This article may anger people as it talks negatively about a group of people who belong to a religious organization. Nowadays, it’s really a no-no to talk poorly about any religion, sometimes even dangerous. Before I mention which religion I am going to offend, I need to tell you that I live in a rural area of Ohio which is a 25 minute drive to the urban city of Cleveland, and in the opposite direction, about 15 minutes to the small community of Middlefield. Middlefield’s national claim to fame is that Jay Leno and David Letterman made jokes about it when Wal-Mart built a new facility there and added numerous posts and stalls to accommodate HORSES. You see, Middlefield and areas near it, is Amish country and Amish will not drive automobiles, they “drive” horses.
Amish are people who belong to Christian religious denominations that form a very traditional sub grouping of Mennonite Churches. There are as many as eight different subgroups of Amish in the US varying in their level of strict compliance to certain strict religious and cultural beliefs. The Amish are known for simple living and reluctance to adopt modern convenience like motor vehicles and high voltage electricity.
There are about 250,000 Amish in the US and Canada with most concentrating in Ohio and Pennsylvania. Amish wear simple clothing almost resembling uniforms. I was always told they were friendly, moral, outstanding craftsman, great workers, fantastic cooks, and non violent people.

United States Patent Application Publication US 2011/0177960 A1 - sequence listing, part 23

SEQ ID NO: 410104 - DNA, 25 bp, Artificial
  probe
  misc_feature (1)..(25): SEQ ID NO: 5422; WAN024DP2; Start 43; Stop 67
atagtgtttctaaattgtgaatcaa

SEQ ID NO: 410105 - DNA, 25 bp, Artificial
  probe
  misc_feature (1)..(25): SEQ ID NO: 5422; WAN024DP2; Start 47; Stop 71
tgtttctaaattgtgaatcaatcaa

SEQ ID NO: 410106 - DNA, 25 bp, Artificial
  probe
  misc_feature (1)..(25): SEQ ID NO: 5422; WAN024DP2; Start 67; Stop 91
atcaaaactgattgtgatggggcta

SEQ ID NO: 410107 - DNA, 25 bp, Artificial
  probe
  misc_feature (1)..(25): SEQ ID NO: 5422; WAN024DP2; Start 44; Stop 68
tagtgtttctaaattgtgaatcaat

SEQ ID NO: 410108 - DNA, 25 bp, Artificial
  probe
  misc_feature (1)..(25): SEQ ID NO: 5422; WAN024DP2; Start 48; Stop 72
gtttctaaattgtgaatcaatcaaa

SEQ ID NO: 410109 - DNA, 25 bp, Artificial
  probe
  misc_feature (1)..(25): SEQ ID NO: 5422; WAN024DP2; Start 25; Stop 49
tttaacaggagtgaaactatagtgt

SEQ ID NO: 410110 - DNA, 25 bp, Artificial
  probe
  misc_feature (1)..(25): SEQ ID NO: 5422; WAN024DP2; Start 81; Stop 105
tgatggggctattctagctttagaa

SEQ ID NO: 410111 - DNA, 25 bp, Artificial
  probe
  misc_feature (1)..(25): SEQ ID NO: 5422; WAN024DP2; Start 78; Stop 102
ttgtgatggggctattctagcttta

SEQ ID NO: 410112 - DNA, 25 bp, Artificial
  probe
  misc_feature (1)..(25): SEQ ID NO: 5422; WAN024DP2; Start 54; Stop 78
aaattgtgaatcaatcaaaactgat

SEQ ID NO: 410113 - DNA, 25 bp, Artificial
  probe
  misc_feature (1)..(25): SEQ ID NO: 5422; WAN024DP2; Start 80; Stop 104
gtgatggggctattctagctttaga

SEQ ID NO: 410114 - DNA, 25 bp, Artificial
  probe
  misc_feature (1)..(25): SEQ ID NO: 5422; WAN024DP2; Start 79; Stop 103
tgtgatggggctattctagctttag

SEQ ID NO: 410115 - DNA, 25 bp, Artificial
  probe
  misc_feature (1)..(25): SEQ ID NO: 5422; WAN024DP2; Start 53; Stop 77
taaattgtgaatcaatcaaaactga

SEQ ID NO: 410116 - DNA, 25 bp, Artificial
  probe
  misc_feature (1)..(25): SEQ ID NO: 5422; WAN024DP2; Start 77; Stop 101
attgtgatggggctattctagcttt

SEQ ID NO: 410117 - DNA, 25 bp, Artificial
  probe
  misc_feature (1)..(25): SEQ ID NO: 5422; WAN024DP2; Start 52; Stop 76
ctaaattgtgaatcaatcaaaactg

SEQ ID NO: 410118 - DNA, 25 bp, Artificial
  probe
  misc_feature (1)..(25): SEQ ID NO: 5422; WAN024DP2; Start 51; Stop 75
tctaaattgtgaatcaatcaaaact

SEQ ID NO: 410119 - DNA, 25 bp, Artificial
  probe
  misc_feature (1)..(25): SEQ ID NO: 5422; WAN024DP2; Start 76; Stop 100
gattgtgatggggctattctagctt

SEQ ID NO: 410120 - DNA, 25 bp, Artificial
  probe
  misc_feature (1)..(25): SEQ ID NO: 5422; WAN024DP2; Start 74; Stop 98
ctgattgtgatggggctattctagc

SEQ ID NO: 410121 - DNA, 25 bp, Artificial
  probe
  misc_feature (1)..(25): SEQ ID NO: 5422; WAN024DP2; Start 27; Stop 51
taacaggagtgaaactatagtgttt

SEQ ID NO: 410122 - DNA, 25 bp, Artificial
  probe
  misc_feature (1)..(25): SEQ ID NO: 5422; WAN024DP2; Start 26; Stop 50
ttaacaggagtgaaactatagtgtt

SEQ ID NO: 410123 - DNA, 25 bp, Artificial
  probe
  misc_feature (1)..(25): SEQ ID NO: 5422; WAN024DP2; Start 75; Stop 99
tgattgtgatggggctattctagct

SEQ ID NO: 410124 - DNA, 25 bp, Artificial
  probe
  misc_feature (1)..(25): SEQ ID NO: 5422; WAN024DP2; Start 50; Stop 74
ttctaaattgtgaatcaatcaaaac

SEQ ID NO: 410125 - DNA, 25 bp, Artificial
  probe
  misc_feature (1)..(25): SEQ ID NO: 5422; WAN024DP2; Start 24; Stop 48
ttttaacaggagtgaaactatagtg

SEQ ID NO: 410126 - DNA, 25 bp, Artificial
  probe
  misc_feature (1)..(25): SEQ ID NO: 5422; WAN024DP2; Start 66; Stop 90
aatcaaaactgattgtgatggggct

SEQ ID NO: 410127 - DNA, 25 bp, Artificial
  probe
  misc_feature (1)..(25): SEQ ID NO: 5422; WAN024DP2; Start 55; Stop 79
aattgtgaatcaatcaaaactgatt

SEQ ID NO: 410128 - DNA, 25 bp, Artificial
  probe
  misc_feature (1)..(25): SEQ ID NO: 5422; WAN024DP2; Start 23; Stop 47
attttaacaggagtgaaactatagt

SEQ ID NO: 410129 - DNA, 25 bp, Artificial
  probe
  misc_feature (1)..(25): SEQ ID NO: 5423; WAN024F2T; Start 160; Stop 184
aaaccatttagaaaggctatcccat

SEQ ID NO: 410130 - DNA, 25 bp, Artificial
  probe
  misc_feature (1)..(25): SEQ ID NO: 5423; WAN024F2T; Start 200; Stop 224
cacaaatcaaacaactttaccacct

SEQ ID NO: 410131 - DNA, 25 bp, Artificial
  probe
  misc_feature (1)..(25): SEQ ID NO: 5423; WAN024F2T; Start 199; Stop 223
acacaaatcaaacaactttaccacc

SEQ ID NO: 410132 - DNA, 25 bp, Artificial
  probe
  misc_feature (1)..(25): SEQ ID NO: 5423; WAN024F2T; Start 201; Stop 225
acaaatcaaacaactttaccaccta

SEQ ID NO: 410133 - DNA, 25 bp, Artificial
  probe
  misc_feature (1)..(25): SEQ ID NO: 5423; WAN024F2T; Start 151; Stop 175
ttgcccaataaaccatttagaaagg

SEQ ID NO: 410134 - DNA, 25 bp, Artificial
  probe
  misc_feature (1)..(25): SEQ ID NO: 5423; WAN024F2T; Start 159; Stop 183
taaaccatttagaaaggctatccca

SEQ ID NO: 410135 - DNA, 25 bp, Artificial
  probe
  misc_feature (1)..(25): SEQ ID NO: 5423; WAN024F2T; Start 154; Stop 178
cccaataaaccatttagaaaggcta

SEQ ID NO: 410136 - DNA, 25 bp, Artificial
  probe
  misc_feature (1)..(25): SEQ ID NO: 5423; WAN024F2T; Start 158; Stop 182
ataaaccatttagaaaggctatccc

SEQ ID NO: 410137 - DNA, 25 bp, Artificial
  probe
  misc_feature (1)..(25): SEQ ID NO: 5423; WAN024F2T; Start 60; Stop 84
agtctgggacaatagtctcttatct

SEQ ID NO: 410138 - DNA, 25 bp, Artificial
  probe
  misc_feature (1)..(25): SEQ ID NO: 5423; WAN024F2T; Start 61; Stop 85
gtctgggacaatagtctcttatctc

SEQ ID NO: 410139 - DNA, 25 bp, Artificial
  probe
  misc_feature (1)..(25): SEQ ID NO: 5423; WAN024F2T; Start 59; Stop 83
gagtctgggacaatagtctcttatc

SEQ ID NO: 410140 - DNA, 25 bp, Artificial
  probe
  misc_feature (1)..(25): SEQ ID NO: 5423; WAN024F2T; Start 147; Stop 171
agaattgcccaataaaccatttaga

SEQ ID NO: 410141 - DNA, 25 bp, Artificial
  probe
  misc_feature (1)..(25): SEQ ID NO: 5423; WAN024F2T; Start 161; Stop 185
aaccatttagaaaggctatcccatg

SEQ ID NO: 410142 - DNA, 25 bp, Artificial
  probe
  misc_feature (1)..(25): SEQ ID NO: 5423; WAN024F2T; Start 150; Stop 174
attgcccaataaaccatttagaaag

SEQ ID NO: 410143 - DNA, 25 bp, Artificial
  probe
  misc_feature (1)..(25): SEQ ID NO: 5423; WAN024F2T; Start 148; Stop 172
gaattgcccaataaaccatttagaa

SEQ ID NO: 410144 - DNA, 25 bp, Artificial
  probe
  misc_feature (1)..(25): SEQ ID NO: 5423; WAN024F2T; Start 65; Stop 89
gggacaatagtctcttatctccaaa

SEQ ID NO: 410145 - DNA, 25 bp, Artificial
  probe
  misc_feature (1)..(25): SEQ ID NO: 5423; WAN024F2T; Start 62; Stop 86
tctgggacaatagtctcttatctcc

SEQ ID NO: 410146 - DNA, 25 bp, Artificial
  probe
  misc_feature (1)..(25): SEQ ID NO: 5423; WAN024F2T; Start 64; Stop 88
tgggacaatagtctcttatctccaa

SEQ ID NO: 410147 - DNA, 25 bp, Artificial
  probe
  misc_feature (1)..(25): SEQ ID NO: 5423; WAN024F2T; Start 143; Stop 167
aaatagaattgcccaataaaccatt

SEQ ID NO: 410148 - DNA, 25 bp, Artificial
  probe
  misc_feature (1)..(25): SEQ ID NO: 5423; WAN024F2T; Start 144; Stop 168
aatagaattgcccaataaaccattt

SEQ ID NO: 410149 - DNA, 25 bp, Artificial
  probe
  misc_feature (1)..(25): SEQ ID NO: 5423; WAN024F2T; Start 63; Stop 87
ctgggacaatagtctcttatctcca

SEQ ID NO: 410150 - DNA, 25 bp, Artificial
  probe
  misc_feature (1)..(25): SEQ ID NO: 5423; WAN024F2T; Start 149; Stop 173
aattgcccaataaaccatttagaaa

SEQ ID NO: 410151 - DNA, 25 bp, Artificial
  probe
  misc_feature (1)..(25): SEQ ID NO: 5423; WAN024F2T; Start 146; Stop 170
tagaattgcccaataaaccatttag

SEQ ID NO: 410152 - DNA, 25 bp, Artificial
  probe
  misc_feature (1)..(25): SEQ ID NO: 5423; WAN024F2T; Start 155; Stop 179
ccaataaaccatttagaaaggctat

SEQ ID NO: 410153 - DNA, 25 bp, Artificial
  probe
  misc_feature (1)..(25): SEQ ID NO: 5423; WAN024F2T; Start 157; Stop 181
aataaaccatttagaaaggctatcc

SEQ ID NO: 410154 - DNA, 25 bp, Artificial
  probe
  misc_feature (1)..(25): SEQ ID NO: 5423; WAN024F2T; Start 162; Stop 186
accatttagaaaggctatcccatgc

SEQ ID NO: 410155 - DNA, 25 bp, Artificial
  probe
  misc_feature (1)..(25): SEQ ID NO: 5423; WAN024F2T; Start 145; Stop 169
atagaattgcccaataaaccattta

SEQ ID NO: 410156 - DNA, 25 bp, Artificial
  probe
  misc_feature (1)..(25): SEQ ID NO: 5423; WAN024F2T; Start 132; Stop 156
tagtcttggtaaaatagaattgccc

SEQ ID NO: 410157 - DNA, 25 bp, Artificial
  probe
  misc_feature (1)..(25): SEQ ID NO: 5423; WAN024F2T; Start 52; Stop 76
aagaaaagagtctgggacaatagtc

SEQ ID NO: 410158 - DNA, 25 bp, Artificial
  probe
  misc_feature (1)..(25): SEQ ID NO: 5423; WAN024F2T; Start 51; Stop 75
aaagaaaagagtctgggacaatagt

Middlefield and the surrounding Amish areas close to me are in Geauga County. According to a CBS investigative report in 2005 the Amish make up only about 10 percent of the population in Geauga County, but they’re half of the special needs cases.
CBS reporter Vicki Mabrey stated that many children have medical conditions so rare, doctors don’t have names for them yet. The report also talked about three sisters who were all born with a condition that has no cure and mysteriously leads to severe mental retardation and a host of physical problems. Last year, doctors figured out the girls have the gene for something called Cohen Syndrome; there are only 100 known cases worldwide. Since then, more than a dozen other cases of Cohen’s have been discovered in Ohio Amish country. Why do these rare disorders occur? In-breeding. The Amish come from such a close knit group going back generations and they rarely venture out into the “other world” thus, they inner breed. The Amish accept these diseases and call it “Gottes Wille” or God’s will”. I call it their will and their closed mindedness! There are tests now that can check a persons genes to determine if these diseases are likely to occur if a couple were to conceive. However, Amish will not take them because as one was quoted as saying “it is not their way”.
Most Amish do not drive automobiles because they feel it brings them to close to the outside world’s trappings and away from their simplicity and community. Everyone else in Geauga County and for that matter everywhere else, drives motor vehicles. And in rural Geauga County, sometimes at speeds around 60 mph. Horse driven buggies and automobiles don’t mix and every year injuries and deaths occur due to collisions between beasts of burden and cold hard steel. I call this Amish custom ridiculous, a menace to the roadway and animal abuse as well. When the Amish travel long distances or have special needs they hire people to drive them in automobiles. Apparently, their closeness to the outside world has limits.